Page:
Does Rachel Hollis have a Dark Message?

A recent Buzzfeed article caught our Houston Mom’s Blog community’s attention. The author, Laura Turner, makes the case that while Rachel Hollis, a wildly popular social media influencer, author, and lecturer, connects women, and specifically mothers, on some timely issues, she has a dark message just beneath the surface. That dark message? Her “curated imperfection” and tough love message minimizes or flat out disregards those who have real struggles in this life {loss of a child, weight issues, sexual assault, systemic racism, etc.} and recklessly paints an improbable picture of motherhood through her carefully selected Instagram feed and blog posts.

Yet Rachel Hollis’ following continues to grow, and her message continues to resonate. Her reign on the New York Times Bestseller list has surpassed 30 weeks. Her live conferences sell out. Her books generate thoughtful debate. Truly, what’s her major downfall?

I don’t personally see the problem with her message, but I would probably be considered part of her target demographic. I am a white woman, financially comfortable, married with kids, and struggling a bit with how to juggle the demands of my day-to-day life. It is apparent and noted that I am not a victim of systemic racism and a system that stacks the cards against me. I do not have a child with severe health issues, nor have I had to suffer the unbearable pain of losing a child. I struggle a bit with my weight {hello, holiday weight and January reset!}. So yes, I am squarely in her marketing team’s sights, and the one with which Rachel is working to share her tough love message.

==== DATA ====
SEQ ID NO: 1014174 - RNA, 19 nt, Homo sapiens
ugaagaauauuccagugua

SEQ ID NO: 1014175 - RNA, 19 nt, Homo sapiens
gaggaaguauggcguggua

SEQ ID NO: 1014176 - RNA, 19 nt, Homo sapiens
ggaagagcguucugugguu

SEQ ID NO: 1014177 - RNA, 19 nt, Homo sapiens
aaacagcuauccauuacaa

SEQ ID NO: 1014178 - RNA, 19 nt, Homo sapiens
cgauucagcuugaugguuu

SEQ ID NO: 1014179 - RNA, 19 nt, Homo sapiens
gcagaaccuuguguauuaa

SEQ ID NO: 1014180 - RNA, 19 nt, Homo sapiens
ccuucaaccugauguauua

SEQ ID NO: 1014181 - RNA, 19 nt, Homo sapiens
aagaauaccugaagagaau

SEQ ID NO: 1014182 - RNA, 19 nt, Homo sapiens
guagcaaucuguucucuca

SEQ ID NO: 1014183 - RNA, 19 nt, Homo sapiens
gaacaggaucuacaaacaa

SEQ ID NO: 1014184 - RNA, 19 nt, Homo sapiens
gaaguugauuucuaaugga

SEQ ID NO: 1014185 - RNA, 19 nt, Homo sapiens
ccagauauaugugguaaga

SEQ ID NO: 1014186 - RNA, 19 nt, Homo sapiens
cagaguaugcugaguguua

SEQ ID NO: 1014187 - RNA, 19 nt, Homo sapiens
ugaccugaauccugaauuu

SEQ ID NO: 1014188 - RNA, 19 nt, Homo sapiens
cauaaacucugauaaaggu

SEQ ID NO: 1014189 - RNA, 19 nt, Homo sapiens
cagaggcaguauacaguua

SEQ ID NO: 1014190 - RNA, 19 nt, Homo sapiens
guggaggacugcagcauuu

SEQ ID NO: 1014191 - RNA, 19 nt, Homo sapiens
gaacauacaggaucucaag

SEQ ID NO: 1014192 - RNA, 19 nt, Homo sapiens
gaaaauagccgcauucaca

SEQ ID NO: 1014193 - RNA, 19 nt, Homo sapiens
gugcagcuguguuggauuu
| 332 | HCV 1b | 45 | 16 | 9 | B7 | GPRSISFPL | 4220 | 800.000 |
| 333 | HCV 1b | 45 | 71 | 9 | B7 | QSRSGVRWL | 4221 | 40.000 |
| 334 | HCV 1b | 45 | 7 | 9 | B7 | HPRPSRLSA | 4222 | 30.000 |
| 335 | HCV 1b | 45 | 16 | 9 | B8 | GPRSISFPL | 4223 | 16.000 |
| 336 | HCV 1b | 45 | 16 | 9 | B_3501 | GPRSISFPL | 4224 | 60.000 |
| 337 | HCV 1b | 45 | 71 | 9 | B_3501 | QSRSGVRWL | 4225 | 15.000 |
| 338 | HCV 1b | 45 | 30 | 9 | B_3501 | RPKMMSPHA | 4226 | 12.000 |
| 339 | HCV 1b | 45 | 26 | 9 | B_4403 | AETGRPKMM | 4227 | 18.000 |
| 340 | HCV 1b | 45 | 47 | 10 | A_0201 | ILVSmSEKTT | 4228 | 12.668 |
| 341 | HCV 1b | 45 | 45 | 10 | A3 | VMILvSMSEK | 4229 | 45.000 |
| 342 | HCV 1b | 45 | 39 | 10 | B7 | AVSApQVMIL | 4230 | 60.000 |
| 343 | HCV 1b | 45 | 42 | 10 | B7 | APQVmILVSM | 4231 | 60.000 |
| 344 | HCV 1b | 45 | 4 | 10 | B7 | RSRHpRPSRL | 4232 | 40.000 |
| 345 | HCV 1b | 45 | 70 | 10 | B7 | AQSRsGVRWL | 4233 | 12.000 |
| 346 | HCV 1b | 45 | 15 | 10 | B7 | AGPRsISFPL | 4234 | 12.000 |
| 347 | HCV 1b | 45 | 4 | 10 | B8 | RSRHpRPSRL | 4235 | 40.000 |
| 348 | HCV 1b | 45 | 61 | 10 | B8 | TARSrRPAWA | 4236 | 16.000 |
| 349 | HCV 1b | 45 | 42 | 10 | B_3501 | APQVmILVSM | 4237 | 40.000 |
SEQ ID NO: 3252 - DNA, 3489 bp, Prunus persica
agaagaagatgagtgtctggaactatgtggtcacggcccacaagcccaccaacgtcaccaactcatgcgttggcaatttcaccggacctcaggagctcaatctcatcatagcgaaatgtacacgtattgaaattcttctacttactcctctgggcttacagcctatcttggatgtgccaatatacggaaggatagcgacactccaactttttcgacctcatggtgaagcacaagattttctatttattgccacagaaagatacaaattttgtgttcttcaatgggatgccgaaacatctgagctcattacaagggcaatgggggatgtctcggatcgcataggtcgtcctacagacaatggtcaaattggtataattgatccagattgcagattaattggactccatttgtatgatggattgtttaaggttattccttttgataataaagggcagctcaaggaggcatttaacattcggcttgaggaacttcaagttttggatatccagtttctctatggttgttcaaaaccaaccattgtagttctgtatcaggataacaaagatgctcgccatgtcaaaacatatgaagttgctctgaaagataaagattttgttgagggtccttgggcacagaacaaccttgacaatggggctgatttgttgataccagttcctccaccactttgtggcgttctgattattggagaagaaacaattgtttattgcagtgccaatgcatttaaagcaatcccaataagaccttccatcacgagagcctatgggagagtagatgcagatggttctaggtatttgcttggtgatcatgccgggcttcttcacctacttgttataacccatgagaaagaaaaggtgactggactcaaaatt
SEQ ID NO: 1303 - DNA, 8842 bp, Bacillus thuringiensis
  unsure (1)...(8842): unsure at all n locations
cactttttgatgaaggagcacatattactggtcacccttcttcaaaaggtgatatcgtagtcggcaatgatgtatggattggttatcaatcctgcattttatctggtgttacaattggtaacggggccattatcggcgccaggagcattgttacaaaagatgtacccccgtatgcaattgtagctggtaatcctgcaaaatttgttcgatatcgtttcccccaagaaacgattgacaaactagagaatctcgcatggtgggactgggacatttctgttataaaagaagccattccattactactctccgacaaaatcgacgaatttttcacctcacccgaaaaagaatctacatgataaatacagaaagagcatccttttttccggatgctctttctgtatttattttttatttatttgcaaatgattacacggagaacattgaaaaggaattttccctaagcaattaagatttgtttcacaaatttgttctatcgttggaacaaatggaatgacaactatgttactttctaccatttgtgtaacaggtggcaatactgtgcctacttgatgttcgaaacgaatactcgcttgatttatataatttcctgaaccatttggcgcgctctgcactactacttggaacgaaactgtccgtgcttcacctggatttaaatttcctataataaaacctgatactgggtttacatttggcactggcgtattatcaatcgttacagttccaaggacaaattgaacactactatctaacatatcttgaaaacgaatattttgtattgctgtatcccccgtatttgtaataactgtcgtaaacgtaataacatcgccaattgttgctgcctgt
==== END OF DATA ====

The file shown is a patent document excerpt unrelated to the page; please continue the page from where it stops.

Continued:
So a few questions emerge :: should Rachel not share such a targeted message to middle-class, relatively comfortable mothers, or should she broaden her message to be more inclusive and considerate of diverse walks of life? And is her message part of a greater issue – the “pull yourself up by your bootstraps” message that is popular these days?

Why should she broaden or soften her message? It’s clearly resonating with the audience for which it was written. Is it dangerous or dark of her to make bold recommendations to women who may have a major personal struggle going on? I think this is where personal responsibility and some common sense needs to step in. Rachel does not claim her book Girl, Wash Your Face is a bible for alcoholics, or anorexics, or severely depressed individuals, or…this list of potential disclaimers could go on forever. Yeah…as Laura mentions in the Buzzfeed article, Rachel’s book would not be a good selection for “a mother who is a woman who has lost her hoped-for child as a result of state officials turning a blind eye to a water-poisoning crisis in a predominantly black area, or a mother seeking asylum whose child was taken away from her at the border.” I think it’s kind of exploitative for Laura to make that suggestion.